On 22 October 1936 the New South Wales Bar Association was incorporated and the first meeting of the Council of the New South Wales Bar Association took place. The Memorandum and Articles of Association noted that the Bar Association would make suggestions on legislation, court rules, procedure and business. The memorandum also noted that a library would be established together with reading, meeting, and dining rooms, and power to undertake law reporting, printing, publishing and bookbinding.
The Spanish flu pandemic of 1919-20
In early 1919 the first cases of Spanish flu, or “pneumonic influenza”, were diagnosed in Australia. Determined efforts were made to slow the spread of the virus, but 40 per cent of the population fell ill and more than 15,000 people died. The New South Wales Bar, like every institution at the time, was severely tested. Many of its members were affected by the flu and we know of at least two barristers who died. The Bar Association has commissioned Juliette Brodsky to produce this historical video, examining the NSW Bar during two pandemics.
We appoint life members for their 'exceptional service to the Bar Association or to the profession of the law'.
Since 1936 there have been 42 presidents of the Bar Association. The list includes many eminent barristers who also served as judges in state and federal courts, chief justices, attorneys-general and governor-general. View the list of past presidents, in order of appointment, along with their election date and date of retirement or resignation.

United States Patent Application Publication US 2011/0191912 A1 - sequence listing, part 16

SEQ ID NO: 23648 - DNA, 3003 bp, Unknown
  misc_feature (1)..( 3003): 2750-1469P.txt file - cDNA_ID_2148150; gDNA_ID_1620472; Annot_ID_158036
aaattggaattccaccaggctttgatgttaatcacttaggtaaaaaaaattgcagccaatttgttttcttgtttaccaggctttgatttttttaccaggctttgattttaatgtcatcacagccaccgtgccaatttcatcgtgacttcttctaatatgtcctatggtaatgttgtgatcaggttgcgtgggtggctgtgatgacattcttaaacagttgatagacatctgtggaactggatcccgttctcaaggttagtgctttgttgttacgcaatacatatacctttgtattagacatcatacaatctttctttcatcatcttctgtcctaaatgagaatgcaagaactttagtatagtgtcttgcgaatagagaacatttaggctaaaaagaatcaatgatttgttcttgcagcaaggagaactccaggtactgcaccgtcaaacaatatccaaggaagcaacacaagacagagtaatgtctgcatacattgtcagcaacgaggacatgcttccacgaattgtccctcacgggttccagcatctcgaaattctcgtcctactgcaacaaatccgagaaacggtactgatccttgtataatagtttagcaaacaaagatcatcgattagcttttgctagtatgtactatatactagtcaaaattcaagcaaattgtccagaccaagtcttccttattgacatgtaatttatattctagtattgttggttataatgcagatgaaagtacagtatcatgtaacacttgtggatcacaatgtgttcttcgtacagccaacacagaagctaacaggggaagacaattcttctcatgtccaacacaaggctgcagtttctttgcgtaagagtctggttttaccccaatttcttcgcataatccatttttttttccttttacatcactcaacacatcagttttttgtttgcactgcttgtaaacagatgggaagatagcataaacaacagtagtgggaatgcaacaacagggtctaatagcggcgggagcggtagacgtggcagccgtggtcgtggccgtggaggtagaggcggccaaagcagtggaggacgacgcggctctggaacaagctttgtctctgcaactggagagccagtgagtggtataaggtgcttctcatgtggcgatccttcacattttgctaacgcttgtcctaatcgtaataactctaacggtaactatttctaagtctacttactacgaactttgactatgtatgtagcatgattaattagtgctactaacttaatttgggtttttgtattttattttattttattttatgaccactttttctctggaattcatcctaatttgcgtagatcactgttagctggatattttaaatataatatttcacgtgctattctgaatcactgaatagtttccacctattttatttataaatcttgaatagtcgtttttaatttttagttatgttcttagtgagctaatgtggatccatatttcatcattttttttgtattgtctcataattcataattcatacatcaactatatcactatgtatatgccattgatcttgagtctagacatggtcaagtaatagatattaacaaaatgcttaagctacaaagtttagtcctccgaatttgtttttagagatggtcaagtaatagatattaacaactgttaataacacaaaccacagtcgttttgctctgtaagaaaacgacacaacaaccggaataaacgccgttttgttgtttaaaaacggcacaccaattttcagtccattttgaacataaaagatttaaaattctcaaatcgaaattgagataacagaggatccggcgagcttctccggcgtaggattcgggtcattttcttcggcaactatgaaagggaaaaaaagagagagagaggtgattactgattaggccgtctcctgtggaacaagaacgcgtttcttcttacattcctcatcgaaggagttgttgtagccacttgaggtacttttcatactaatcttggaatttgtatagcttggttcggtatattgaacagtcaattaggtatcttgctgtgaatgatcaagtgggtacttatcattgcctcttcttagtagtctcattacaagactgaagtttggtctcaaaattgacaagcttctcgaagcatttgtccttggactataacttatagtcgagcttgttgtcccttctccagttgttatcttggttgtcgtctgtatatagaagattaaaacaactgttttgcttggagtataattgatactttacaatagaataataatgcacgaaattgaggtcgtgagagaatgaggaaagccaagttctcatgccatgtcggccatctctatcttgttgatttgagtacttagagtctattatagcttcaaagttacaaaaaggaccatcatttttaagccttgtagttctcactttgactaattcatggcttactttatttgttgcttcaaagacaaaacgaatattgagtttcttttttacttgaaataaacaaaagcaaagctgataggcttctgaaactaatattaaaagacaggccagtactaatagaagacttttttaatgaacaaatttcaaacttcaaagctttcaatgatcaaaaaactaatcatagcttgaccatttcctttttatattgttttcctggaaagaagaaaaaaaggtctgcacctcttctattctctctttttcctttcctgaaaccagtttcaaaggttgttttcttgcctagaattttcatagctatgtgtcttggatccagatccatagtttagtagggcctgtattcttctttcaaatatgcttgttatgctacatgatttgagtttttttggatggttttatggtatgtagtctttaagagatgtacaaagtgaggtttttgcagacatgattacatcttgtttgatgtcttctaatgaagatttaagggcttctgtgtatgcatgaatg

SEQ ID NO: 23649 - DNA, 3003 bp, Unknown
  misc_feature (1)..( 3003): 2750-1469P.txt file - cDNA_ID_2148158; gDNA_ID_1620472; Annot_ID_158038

The Bar Association is proud to feature the recorded oral history anecdotes of various retired and practising counsel on this website, as part of an ongoing commitment to illuminate the principles and practice of law - both then and now.
Silks (QCs and SCs)
The first person appointed to the rank of queen's counsel (QC) was John Hubert Plunkett, on 6 June 1856. The last was Peter Michael Jacobson on 1 December 1992. Since 1993 they have been known as senior counsel (SC). View the full list of appointments here.
First World War barristers
A list of barristers who served in the First World War is being compiled by Tony Cunneen. If you are aware of more names that ought to be added, please contact Tony via email.
It's comparatively commonplace to see women practising as barristers today, but before 1976 in New South Wales, it was a very different story. The WBF, with the support of the Bar Association, has produced a multimedia presentation about the pioneering women at the New South Wales Bar. Full interviews and biographical details of these incredible women can be found here.
THE FRANCIS FORBES SOCIETY
The Francis Forbes Society for Australian Legal History aims to bring together scholars, lawyers and the general public interested in legal history. It sponsors lectures, competitions, research projects and a variety of seminars and discussion groups. Visit the Forbes Society's website.